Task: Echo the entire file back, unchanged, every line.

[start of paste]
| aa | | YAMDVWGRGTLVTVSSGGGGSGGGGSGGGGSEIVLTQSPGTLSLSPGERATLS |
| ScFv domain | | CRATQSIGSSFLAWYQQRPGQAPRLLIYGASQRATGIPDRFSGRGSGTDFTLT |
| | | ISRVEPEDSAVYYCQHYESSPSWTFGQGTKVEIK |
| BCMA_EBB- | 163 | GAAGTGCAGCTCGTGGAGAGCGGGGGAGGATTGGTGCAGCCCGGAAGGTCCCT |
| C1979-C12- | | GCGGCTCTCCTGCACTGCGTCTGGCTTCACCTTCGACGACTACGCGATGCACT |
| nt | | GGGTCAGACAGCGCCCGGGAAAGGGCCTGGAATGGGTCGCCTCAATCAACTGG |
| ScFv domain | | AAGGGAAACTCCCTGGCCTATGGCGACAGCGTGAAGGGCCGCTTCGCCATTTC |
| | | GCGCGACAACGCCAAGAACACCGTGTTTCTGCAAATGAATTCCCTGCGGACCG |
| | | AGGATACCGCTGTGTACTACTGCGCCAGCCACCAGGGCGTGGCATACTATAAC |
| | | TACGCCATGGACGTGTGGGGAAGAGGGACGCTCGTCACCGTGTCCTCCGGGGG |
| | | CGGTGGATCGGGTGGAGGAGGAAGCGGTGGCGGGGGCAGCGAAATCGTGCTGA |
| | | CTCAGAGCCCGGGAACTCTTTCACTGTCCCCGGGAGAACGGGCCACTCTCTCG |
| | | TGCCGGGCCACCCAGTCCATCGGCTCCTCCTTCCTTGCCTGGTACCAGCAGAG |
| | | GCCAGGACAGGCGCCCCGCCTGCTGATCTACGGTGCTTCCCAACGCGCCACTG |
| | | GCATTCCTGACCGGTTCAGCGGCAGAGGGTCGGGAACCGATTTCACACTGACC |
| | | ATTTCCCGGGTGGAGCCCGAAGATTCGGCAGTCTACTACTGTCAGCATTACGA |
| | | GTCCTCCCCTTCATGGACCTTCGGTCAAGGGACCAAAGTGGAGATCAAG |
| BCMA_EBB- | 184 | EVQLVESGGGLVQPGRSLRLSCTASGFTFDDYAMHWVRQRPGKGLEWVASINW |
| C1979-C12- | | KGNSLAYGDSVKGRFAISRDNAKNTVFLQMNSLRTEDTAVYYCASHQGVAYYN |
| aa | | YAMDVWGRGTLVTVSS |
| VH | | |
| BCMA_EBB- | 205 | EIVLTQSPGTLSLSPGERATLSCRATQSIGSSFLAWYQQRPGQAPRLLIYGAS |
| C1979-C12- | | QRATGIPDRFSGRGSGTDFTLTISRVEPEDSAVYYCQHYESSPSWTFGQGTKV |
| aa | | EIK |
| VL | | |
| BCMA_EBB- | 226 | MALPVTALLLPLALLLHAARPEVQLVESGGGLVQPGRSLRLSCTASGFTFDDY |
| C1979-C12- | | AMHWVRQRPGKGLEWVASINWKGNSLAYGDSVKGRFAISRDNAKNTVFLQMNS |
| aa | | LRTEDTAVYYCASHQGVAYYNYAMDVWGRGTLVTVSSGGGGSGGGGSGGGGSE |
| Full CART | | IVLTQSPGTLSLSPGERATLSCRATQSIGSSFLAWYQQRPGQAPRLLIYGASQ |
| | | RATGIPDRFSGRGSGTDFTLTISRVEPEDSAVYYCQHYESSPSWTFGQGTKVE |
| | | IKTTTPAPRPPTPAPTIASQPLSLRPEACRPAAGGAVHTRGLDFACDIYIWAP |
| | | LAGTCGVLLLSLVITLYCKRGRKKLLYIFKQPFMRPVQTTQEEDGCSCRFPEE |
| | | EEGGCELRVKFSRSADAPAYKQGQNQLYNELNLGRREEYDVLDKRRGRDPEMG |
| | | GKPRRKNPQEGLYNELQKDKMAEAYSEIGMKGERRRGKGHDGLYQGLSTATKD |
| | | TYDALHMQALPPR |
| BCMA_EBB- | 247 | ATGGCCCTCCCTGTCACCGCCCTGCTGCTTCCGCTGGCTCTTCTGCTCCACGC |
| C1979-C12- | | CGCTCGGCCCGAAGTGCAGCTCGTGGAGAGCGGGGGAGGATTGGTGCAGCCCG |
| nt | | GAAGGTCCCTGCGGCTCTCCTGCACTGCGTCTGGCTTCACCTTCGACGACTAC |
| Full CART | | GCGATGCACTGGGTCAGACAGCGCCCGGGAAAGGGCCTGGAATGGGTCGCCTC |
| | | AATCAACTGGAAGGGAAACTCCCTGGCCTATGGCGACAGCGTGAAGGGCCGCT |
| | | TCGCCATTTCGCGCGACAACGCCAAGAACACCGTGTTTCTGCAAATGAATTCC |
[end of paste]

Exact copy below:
| aa | | YAMDVWGRGTLVTVSSGGGGSGGGGSGGGGSEIVLTQSPGTLSLSPGERATLS |
| ScFv domain | | CRATQSIGSSFLAWYQQRPGQAPRLLIYGASQRATGIPDRFSGRGSGTDFTLT |
| | | ISRVEPEDSAVYYCQHYESSPSWTFGQGTKVEIK |
| BCMA_EBB- | 163 | GAAGTGCAGCTCGTGGAGAGCGGGGGAGGATTGGTGCAGCCCGGAAGGTCCCT |
| C1979-C12- | | GCGGCTCTCCTGCACTGCGTCTGGCTTCACCTTCGACGACTACGCGATGCACT |
| nt | | GGGTCAGACAGCGCCCGGGAAAGGGCCTGGAATGGGTCGCCTCAATCAACTGG |
| ScFv domain | | AAGGGAAACTCCCTGGCCTATGGCGACAGCGTGAAGGGCCGCTTCGCCATTTC |
| | | GCGCGACAACGCCAAGAACACCGTGTTTCTGCAAATGAATTCCCTGCGGACCG |
| | | AGGATACCGCTGTGTACTACTGCGCCAGCCACCAGGGCGTGGCATACTATAAC |
| | | TACGCCATGGACGTGTGGGGAAGAGGGACGCTCGTCACCGTGTCCTCCGGGGG |
| | | CGGTGGATCGGGTGGAGGAGGAAGCGGTGGCGGGGGCAGCGAAATCGTGCTGA |
| | | CTCAGAGCCCGGGAACTCTTTCACTGTCCCCGGGAGAACGGGCCACTCTCTCG |
| | | TGCCGGGCCACCCAGTCCATCGGCTCCTCCTTCCTTGCCTGGTACCAGCAGAG |
| | | GCCAGGACAGGCGCCCCGCCTGCTGATCTACGGTGCTTCCCAACGCGCCACTG |
| | | GCATTCCTGACCGGTTCAGCGGCAGAGGGTCGGGAACCGATTTCACACTGACC |
| | | ATTTCCCGGGTGGAGCCCGAAGATTCGGCAGTCTACTACTGTCAGCATTACGA |
| | | GTCCTCCCCTTCATGGACCTTCGGTCAAGGGACCAAAGTGGAGATCAAG |
| BCMA_EBB- | 184 | EVQLVESGGGLVQPGRSLRLSCTASGFTFDDYAMHWVRQRPGKGLEWVASINW |
| C1979-C12- | | KGNSLAYGDSVKGRFAISRDNAKNTVFLQMNSLRTEDTAVYYCASHQGVAYYN |
| aa | | YAMDVWGRGTLVTVSS |
| VH | | |
| BCMA_EBB- | 205 | EIVLTQSPGTLSLSPGERATLSCRATQSIGSSFLAWYQQRPGQAPRLLIYGAS |
| C1979-C12- | | QRATGIPDRFSGRGSGTDFTLTISRVEPEDSAVYYCQHYESSPSWTFGQGTKV |
| aa | | EIK |
| VL | | |
| BCMA_EBB- | 226 | MALPVTALLLPLALLLHAARPEVQLVESGGGLVQPGRSLRLSCTASGFTFDDY |
| C1979-C12- | | AMHWVRQRPGKGLEWVASINWKGNSLAYGDSVKGRFAISRDNAKNTVFLQMNS |
| aa | | LRTEDTAVYYCASHQGVAYYNYAMDVWGRGTLVTVSSGGGGSGGGGSGGGGSE |
| Full CART | | IVLTQSPGTLSLSPGERATLSCRATQSIGSSFLAWYQQRPGQAPRLLIYGASQ |
| | | RATGIPDRFSGRGSGTDFTLTISRVEPEDSAVYYCQHYESSPSWTFGQGTKVE |
| | | IKTTTPAPRPPTPAPTIASQPLSLRPEACRPAAGGAVHTRGLDFACDIYIWAP |
| | | LAGTCGVLLLSLVITLYCKRGRKKLLYIFKQPFMRPVQTTQEEDGCSCRFPEE |
| | | EEGGCELRVKFSRSADAPAYKQGQNQLYNELNLGRREEYDVLDKRRGRDPEMG |
| | | GKPRRKNPQEGLYNELQKDKMAEAYSEIGMKGERRRGKGHDGLYQGLSTATKD |
| | | TYDALHMQALPPR |
| BCMA_EBB- | 247 | ATGGCCCTCCCTGTCACCGCCCTGCTGCTTCCGCTGGCTCTTCTGCTCCACGC |
| C1979-C12- | | CGCTCGGCCCGAAGTGCAGCTCGTGGAGAGCGGGGGAGGATTGGTGCAGCCCG |
| nt | | GAAGGTCCCTGCGGCTCTCCTGCACTGCGTCTGGCTTCACCTTCGACGACTAC |
| Full CART | | GCGATGCACTGGGTCAGACAGCGCCCGGGAAAGGGCCTGGAATGGGTCGCCTC |
| | | AATCAACTGGAAGGGAAACTCCCTGGCCTATGGCGACAGCGTGAAGGGCCGCT |
| | | TCGCCATTTCGCGCGACAACGCCAAGAACACCGTGTTTCTGCAAATGAATTCC |